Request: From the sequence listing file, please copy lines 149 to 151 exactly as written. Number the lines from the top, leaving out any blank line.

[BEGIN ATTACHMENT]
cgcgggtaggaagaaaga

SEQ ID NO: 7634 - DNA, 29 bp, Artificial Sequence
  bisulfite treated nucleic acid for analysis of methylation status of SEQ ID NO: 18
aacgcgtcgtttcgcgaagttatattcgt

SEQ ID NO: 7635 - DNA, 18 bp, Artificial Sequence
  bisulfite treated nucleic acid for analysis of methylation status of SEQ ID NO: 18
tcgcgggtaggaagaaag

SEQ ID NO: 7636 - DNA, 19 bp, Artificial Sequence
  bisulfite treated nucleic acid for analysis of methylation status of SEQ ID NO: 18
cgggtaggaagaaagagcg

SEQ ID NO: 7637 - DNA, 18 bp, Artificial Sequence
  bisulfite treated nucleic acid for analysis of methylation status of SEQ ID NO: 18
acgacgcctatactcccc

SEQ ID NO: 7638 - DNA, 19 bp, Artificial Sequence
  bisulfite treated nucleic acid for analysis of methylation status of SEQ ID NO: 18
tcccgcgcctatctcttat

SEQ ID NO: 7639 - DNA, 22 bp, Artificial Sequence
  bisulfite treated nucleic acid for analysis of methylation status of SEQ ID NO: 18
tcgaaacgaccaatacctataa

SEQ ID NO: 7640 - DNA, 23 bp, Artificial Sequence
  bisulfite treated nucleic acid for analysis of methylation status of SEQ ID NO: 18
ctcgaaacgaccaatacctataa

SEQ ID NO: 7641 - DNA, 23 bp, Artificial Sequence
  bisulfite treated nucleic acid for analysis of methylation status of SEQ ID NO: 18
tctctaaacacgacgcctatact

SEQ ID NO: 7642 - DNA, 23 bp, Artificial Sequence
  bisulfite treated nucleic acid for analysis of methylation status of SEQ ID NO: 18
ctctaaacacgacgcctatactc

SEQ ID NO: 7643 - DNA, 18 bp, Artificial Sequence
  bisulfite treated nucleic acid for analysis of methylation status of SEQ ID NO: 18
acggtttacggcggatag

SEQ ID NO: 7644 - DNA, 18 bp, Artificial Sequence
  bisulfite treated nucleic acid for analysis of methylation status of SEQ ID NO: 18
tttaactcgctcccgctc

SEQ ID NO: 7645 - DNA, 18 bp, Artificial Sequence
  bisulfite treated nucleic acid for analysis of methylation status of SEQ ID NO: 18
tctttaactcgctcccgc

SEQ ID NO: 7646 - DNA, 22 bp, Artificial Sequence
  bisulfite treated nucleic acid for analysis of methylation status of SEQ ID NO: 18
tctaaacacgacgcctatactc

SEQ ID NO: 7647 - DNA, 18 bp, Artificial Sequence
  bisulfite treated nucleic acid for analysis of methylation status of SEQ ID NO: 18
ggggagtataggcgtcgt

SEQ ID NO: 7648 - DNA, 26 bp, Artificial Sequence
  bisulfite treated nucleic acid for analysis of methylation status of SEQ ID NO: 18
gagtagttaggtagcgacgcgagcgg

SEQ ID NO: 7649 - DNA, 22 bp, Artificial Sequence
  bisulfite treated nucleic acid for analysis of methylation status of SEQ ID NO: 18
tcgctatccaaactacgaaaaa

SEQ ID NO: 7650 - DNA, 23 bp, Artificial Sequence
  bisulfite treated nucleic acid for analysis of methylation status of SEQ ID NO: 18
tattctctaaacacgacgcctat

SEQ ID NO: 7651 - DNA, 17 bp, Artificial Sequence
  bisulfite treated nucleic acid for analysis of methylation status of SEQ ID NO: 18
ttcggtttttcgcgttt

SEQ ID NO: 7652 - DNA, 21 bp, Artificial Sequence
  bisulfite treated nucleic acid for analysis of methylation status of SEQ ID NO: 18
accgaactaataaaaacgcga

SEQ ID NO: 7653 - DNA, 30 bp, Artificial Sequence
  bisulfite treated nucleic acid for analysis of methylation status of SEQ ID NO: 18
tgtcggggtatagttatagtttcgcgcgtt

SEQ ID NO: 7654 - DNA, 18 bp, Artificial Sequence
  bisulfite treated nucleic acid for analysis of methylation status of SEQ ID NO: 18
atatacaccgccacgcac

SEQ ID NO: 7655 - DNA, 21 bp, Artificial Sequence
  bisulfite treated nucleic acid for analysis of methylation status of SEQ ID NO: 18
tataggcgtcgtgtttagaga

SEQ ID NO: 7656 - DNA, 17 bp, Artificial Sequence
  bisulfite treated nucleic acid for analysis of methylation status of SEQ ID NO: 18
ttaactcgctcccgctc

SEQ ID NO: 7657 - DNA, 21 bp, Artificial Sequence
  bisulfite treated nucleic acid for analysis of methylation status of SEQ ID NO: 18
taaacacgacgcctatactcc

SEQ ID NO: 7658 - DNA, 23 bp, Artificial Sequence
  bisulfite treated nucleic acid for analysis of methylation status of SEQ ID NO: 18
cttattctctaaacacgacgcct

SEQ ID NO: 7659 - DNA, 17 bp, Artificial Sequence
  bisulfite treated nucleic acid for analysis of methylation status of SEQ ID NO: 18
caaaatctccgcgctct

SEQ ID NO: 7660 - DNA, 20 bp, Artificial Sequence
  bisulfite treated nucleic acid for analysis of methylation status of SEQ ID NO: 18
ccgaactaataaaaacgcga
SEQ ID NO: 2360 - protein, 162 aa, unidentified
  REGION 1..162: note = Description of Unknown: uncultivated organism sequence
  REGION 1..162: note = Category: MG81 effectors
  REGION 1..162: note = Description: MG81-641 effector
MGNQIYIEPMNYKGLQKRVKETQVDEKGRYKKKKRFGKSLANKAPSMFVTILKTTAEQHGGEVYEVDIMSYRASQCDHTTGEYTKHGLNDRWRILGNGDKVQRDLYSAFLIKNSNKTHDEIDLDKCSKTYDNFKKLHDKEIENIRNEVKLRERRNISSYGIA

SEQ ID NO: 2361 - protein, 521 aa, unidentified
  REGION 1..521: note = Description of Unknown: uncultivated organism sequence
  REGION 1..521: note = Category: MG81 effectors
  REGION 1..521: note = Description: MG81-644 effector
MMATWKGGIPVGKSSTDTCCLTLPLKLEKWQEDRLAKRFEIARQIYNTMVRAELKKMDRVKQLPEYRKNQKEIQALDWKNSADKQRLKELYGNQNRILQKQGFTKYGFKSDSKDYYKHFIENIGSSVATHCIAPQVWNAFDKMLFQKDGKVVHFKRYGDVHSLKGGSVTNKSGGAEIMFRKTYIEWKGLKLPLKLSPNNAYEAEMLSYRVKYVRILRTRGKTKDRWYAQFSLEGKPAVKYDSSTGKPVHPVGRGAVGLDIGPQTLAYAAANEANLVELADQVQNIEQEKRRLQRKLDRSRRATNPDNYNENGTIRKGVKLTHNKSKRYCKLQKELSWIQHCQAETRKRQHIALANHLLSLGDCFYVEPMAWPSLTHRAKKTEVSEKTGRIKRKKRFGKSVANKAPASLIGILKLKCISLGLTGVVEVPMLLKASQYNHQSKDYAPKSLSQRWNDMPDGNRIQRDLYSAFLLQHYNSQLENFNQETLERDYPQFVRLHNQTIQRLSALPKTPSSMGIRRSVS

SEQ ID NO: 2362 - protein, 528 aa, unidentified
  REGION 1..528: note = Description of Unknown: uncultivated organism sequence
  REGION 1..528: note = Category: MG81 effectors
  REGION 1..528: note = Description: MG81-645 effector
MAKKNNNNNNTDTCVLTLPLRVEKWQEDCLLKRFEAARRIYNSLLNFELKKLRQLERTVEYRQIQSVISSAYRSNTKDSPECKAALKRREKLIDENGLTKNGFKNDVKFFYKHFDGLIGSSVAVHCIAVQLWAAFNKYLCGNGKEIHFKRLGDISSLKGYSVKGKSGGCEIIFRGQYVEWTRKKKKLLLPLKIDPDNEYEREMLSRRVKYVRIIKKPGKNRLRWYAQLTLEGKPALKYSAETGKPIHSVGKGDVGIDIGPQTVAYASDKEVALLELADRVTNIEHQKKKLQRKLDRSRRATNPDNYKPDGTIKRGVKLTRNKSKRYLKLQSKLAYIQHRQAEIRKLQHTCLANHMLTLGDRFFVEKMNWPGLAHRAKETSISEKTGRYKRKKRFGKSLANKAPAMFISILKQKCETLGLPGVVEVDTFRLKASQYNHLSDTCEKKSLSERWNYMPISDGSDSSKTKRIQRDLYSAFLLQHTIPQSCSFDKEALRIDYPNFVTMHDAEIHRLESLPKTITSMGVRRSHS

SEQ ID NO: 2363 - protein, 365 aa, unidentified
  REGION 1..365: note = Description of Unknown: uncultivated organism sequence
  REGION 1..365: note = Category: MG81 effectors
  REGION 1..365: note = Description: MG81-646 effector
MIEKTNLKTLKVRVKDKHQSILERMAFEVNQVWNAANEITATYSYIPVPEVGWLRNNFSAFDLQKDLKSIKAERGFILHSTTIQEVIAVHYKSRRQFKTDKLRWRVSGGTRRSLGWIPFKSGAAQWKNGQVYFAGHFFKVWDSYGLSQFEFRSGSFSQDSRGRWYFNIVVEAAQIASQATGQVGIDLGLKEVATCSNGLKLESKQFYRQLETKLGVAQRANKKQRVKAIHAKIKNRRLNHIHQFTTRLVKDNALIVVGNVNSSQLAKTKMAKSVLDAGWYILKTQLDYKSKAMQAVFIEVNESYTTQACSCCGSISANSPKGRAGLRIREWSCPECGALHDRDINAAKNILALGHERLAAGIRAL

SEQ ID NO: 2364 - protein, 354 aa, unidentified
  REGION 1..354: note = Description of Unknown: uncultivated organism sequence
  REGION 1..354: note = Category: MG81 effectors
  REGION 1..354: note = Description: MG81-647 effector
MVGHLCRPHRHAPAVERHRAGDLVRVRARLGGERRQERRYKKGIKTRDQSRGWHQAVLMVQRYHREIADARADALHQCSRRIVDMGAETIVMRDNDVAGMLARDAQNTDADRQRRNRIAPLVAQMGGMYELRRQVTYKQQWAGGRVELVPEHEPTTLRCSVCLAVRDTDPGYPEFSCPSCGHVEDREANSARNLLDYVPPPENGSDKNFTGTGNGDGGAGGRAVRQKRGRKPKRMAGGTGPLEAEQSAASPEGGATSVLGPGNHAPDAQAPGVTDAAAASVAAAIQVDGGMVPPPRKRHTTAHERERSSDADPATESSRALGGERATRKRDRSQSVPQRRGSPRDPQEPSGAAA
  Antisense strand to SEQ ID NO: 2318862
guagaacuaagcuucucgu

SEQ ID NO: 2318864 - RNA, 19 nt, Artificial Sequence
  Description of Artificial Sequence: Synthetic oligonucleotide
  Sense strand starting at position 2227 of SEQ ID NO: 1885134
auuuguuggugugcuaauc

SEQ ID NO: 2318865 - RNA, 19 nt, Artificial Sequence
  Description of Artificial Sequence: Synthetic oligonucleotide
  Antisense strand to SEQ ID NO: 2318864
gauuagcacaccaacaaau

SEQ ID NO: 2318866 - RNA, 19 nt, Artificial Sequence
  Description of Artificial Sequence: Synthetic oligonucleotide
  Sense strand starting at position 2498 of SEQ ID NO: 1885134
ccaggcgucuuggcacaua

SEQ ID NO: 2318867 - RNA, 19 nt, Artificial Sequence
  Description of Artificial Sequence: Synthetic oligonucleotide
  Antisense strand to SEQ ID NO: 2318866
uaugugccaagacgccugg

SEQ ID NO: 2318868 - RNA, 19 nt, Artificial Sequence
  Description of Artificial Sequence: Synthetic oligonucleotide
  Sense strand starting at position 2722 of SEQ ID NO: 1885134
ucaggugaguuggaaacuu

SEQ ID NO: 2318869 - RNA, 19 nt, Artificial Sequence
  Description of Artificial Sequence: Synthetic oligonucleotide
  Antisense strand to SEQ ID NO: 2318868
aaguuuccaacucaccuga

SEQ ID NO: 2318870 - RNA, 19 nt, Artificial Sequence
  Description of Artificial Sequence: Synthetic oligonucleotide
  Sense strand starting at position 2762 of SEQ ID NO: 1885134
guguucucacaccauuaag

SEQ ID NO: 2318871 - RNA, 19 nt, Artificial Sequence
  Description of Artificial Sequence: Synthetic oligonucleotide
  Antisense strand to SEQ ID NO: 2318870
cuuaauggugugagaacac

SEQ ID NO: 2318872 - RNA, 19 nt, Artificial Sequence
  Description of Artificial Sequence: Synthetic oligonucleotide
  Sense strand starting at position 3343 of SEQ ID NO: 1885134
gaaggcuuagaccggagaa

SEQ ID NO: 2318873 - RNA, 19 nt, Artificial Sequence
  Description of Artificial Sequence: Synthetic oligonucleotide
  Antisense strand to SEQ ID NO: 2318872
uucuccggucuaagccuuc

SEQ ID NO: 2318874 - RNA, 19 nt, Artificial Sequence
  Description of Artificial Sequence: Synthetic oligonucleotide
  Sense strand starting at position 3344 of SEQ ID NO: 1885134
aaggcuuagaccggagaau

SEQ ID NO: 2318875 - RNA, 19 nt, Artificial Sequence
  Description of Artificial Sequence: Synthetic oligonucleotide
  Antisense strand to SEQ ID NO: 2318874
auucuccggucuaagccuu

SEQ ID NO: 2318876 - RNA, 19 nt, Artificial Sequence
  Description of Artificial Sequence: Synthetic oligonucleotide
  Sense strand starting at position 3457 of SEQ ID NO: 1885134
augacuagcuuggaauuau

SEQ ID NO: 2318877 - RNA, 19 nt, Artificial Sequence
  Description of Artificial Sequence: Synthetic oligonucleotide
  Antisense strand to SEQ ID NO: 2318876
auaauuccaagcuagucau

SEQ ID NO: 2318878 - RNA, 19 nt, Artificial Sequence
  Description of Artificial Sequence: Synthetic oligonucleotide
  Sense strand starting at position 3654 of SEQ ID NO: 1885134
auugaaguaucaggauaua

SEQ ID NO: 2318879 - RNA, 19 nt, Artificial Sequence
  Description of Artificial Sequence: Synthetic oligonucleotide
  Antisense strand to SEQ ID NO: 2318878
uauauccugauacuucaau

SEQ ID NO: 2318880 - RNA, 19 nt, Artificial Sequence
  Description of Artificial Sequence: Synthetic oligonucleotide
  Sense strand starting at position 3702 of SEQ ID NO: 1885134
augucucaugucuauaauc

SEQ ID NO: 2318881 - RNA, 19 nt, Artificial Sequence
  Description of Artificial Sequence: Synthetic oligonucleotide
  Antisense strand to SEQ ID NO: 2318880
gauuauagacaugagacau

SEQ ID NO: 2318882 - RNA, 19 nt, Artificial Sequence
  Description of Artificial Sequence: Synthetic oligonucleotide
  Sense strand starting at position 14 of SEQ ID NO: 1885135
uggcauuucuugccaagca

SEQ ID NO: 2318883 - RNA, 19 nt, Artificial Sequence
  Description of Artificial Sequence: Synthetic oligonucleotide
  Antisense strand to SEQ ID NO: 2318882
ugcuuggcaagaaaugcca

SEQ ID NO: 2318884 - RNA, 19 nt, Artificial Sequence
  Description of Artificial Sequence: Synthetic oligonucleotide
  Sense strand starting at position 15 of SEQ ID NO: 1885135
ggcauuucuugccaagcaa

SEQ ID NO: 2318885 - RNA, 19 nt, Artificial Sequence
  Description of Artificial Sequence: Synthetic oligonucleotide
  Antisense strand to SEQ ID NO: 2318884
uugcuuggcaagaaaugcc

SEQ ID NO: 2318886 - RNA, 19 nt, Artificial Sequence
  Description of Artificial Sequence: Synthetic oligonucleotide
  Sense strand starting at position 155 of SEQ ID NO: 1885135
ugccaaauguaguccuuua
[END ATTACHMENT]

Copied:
uucuccggucuaagccuuc

SEQ ID NO: 2318874 - RNA, 19 nt, Artificial Sequence
  Description of Artificial Sequence: Synthetic oligonucleotide